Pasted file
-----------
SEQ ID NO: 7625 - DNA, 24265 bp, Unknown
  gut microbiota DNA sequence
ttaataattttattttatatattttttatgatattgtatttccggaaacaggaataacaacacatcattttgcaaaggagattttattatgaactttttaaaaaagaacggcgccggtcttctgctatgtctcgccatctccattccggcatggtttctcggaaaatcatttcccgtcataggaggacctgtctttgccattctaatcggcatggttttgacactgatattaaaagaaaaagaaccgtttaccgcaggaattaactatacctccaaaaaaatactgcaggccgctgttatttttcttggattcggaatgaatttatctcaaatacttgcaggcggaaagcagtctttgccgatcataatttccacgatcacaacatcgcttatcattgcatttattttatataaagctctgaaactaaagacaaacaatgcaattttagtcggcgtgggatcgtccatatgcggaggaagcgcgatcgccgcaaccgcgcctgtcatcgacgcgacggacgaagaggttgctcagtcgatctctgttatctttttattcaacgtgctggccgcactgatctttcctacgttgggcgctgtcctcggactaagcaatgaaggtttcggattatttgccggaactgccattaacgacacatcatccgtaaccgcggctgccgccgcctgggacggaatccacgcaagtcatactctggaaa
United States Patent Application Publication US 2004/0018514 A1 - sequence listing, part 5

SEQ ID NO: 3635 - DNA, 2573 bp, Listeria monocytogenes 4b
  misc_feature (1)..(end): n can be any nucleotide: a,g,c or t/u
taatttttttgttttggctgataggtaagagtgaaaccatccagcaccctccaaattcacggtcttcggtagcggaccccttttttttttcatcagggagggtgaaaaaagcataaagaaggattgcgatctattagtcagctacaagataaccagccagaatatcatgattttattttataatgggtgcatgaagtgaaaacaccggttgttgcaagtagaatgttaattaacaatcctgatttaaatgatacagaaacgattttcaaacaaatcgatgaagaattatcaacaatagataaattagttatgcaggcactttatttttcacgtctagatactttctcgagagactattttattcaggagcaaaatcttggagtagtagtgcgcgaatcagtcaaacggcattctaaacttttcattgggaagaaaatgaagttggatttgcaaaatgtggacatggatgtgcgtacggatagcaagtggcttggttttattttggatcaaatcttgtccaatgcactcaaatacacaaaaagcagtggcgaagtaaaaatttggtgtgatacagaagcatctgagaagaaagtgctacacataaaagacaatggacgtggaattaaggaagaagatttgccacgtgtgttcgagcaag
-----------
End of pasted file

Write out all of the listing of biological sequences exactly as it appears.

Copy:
SEQ ID NO: 7625 - DNA, 24265 bp, Unknown
  gut microbiota DNA sequence
ttaataattttattttatatattttttatgatattgtatttccggaaacaggaataacaacacatcattttgcaaaggagattttattatgaactttttaaaaaagaacggcgccggtcttctgctatgtctcgccatctccattccggcatggtttctcggaaaatcatttcccgtcataggaggacctgtctttgccattctaatcggcatggttttgacactgatattaaaagaaaaagaaccgtttaccgcaggaattaactatacctccaaaaaaatactgcaggccgctgttatttttcttggattcggaatgaatttatctcaaatacttgcaggcggaaagcagtctttgccgatcataatttccacgatcacaacatcgcttatcattgcatttattttatataaagctctgaaactaaagacaaacaatgcaattttagtcggcgtgggatcgtccatatgcggaggaagcgcgatcgccgcaaccgcgcctgtcatcgacgcgacggacgaagaggttgctcagtcgatctctgttatctttttattcaacgtgctggccgcactgatctttcctacgttgggcgctgtcctcggactaagcaatgaaggtttcggattatttgccggaactgccattaacgacacatcatccgtaaccgcggctgccgccgcctgggacggaatccacgcaagtcatactctggaaa
United States Patent Application Publication US 2004/0018514 A1 - sequence listing, part 5

SEQ ID NO: 3635 - DNA, 2573 bp, Listeria monocytogenes 4b
  misc_feature (1)..(end): n can be any nucleotide: a,g,c or t/u
taatttttttgttttggctgataggtaagagtgaaaccatccagcaccctccaaattcacggtcttcggtagcggaccccttttttttttcatcagggagggtgaaaaaagcataaagaaggattgcgatctattagtcagctacaagataaccagccagaatatcatgattttattttataatgggtgcatgaagtgaaaacaccggttgttgcaagtagaatgttaattaacaatcctgatttaaatgatacagaaacgattttcaaacaaatcgatgaagaattatcaacaatagataaattagttatgcaggcactttatttttcacgtctagatactttctcgagagactattttattcaggagcaaaatcttggagtagtagtgcgcgaatcagtcaaacggcattctaaacttttcattgggaagaaaatgaagttggatttgcaaaatgtggacatggatgtgcgtacggatagcaagtggcttggttttattttggatcaaatcttgtccaatgcactcaaatacacaaaaagcagtggcgaagtaaaaatttggtgtgatacagaagcatctgagaagaaagtgctacacataaaagacaatggacgtggaattaaggaagaagatttgccacgtgtgttcgagcaag